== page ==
Sunday, January 25, 2009

Review: The Push Hands Workbook



Taiji practitioner Nando Raynolds has put together a very nice instructional book. The title, "The Push Hands Workbook: Tai Chi partner movements (Tui Shou) for sport and personal development" is lengthy but sums up the thurough examination Nando has compiled in everything that is push hands.
The Taiji training drills known as "push hands" are fundemental in understanding the types of energies one trains to learn in the form. While there is no substitute for a good instructor, you can pick up quite a bit from books and video to suppliment the learning process. While I have several other books and videos on the subject, I admire and am pleased with the approach that Nando takes in this book.
It's thuroughness is reflected in it's slightly clinical presentation (Raynolds is a therapist) which includes his analysis of why physical assaults occur, with profiles of successful and unsuccessful encounters. With that in mind, Raynolds approaches push hands as interaction between two individuals, dealing with issues of ego, gender, size and attitude.
Raynolds does a good job of introducing drills with categories of "time frame", "focus skills", "format", "advanced variations" and so on. He seems to have thought ahead to questions a beginning student would have, and answers them in the above formats.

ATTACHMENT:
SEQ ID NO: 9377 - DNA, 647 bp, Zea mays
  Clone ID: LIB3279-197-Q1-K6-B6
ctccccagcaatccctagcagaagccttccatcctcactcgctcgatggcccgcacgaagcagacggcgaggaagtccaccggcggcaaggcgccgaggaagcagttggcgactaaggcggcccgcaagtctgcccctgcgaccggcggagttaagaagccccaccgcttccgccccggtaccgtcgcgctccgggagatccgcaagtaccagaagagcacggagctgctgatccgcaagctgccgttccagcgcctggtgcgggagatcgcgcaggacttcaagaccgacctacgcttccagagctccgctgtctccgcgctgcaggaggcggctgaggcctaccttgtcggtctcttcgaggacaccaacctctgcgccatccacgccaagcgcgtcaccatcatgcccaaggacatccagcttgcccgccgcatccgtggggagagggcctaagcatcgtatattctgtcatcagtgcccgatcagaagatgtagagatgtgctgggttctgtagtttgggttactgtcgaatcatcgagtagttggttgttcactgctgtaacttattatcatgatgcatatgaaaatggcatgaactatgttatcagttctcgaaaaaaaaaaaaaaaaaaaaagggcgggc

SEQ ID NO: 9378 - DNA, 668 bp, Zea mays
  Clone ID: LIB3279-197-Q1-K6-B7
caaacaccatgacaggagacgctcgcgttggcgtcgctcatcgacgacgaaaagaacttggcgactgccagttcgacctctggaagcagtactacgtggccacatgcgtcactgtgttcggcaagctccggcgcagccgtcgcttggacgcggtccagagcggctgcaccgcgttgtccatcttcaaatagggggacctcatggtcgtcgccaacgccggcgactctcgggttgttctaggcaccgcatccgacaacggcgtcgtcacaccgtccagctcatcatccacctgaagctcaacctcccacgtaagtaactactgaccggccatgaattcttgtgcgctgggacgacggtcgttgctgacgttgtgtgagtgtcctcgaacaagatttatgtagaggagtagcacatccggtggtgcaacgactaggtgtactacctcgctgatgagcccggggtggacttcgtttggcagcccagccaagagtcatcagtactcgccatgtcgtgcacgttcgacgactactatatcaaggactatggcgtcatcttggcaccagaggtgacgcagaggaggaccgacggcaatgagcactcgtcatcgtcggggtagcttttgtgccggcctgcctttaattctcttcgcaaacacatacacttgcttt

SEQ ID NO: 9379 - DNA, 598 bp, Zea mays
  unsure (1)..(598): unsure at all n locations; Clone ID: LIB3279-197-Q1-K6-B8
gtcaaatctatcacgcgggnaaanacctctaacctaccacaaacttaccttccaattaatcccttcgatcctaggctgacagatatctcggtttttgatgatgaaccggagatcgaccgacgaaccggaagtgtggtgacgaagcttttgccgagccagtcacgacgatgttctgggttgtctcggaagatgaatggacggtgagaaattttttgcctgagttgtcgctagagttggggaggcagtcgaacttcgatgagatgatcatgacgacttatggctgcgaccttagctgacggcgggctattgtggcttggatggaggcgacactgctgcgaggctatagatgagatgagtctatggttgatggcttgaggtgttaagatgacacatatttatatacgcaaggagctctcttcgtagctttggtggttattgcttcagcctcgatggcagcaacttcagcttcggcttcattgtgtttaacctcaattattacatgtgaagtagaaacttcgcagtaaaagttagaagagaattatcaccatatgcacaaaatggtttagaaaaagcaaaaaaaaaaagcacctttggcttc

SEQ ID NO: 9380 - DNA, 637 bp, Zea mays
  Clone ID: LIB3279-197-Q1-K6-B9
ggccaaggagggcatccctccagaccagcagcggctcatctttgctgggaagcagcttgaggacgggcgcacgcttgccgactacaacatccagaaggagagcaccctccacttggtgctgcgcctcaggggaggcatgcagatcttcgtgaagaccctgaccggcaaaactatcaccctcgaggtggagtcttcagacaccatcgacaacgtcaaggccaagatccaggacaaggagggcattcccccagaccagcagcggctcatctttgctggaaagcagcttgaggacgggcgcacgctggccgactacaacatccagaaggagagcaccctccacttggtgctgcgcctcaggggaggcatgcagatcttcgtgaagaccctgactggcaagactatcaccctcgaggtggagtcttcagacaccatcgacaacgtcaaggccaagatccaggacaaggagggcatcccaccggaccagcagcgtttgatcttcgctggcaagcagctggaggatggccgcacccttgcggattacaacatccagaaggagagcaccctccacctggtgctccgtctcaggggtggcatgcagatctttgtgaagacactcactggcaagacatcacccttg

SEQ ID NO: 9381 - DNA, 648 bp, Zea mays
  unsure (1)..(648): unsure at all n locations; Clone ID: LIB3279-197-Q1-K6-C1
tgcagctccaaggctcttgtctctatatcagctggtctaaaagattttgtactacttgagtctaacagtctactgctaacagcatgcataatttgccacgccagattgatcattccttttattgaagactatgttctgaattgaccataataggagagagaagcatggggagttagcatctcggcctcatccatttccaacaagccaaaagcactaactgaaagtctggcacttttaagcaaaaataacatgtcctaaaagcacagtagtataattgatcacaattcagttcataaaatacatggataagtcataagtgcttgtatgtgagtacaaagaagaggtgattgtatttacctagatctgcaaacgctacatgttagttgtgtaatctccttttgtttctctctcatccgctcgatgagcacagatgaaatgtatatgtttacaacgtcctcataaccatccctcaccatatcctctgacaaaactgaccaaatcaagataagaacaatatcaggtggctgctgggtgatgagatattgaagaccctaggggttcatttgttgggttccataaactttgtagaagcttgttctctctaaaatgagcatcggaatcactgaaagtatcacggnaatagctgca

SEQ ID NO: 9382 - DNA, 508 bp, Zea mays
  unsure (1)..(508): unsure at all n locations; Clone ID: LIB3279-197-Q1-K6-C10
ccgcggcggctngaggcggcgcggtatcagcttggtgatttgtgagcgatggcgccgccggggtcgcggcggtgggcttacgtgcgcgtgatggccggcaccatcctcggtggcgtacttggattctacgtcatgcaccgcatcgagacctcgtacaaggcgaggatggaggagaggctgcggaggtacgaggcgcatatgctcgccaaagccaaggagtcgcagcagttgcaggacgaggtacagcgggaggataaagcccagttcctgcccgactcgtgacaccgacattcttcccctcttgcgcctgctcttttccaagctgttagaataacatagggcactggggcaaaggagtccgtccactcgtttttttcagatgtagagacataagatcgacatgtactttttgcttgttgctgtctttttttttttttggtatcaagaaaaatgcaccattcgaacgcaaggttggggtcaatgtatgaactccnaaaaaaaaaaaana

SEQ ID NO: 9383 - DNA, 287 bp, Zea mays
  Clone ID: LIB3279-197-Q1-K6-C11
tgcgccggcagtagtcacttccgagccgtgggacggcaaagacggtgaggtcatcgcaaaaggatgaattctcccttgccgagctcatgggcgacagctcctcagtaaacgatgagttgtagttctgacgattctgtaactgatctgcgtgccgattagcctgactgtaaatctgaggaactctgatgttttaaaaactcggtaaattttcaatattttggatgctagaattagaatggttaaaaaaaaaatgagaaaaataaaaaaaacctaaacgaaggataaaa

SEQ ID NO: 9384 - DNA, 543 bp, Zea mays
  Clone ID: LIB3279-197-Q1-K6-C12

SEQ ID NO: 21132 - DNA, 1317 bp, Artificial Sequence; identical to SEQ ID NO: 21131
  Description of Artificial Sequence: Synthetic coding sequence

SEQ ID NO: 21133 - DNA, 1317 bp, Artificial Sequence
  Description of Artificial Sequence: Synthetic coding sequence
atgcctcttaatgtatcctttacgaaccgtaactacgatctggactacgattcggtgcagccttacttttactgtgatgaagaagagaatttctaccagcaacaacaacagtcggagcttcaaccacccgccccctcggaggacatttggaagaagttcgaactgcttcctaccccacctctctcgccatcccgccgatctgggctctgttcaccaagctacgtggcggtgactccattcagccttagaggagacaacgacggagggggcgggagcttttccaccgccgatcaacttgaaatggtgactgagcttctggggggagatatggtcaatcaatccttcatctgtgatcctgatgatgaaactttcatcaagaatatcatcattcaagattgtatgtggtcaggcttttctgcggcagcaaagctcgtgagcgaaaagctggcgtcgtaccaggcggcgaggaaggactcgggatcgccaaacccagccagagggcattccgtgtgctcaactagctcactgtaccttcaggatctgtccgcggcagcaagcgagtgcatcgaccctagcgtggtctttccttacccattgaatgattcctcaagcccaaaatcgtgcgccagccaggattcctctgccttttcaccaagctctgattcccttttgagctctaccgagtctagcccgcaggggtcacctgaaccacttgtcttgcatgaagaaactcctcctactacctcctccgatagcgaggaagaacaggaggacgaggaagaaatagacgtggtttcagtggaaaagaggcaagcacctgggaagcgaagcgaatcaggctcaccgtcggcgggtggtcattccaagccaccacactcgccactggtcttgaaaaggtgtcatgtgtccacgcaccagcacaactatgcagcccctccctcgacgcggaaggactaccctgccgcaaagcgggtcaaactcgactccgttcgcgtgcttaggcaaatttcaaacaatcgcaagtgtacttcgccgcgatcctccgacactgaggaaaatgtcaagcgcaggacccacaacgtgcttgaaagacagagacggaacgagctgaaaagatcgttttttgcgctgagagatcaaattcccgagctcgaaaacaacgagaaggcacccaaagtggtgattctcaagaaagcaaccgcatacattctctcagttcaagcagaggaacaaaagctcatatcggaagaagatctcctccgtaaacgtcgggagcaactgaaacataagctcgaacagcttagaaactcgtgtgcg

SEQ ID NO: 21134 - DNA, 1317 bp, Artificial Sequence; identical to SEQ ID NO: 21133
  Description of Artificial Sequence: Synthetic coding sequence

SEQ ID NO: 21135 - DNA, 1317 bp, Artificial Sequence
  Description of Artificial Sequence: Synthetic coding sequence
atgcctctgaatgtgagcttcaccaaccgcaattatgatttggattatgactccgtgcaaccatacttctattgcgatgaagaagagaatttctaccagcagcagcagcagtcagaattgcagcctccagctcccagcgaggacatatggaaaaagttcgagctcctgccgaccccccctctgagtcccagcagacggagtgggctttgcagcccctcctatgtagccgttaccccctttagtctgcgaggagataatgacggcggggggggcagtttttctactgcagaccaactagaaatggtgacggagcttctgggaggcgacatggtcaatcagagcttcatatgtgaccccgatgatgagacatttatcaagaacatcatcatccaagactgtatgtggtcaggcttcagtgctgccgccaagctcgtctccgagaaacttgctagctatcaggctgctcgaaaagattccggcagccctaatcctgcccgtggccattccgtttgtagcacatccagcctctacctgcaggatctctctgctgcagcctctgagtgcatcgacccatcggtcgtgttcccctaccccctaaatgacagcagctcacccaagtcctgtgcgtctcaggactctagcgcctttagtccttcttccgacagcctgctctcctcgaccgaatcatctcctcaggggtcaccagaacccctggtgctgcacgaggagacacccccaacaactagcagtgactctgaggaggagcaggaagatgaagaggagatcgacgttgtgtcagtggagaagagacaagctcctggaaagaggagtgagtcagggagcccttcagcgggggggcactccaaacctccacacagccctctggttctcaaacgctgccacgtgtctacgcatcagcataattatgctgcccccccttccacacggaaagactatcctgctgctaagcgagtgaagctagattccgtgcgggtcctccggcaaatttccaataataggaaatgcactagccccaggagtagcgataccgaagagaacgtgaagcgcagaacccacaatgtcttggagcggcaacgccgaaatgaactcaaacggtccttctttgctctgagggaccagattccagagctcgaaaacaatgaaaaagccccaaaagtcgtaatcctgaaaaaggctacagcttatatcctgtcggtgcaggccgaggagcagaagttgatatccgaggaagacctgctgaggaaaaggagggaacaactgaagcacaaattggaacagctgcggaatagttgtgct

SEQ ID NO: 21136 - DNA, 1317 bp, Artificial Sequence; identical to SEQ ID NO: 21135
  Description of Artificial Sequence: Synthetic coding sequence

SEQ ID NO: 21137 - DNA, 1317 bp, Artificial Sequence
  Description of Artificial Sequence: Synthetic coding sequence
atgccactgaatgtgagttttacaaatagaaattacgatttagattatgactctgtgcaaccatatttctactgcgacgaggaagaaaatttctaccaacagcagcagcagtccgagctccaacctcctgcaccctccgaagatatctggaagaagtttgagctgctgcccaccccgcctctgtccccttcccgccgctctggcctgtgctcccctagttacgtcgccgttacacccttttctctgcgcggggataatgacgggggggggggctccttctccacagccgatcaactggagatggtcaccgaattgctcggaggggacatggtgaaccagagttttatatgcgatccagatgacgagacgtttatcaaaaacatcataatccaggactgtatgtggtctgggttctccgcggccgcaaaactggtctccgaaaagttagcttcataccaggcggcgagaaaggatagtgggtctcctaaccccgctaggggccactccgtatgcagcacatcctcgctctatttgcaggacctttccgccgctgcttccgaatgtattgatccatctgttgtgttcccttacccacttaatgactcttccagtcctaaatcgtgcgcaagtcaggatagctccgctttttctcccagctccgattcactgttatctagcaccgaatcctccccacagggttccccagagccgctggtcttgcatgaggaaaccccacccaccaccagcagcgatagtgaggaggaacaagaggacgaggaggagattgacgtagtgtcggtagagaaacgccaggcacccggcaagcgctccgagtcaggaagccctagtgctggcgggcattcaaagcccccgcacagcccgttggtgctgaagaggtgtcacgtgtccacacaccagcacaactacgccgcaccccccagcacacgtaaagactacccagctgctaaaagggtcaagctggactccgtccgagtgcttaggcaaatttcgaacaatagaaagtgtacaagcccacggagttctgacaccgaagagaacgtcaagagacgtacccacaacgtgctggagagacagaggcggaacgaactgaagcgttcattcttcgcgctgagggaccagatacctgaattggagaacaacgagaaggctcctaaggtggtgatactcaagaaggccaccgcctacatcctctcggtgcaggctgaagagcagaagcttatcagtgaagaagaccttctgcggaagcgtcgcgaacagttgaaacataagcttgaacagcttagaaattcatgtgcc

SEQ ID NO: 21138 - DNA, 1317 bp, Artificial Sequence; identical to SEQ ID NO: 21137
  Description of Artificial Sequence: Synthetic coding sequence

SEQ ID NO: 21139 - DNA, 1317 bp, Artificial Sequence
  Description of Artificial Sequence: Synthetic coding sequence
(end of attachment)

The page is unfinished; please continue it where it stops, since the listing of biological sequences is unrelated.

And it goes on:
Many of the drills and skills are familiar to me, as taught by my Tai Chi Chuan instructor and push hands champion Michael Gilman, who has also endorsed the book.
In my opinion, "The Push Hands Workbook" would be an ideal guidebook for Colleges and study groups that offer Tai Chi Chuan classes. The book will stimulate ideas in students new to push hands, and provide a convenient and effective teaching format for instructors.
"The Push Hands Workbook" can be seen at this page at Amazon.

2 comments:

Sensei Strange said...

I just stumbled upon your blog. Thanks for your work.

I have been incorporating more classical push hands into my Aikido, especially when we have members that are injured but still want to play.

Dojo Rat said...

Nice to meet you,

I think push hands and aikido play work really well together. Have you seen any of Peter Ralston's 'Cheng Hsin", which combines Aikido, Taiji , Bagua and western boxing?
If not, check it out for some really good ideas.
D.R.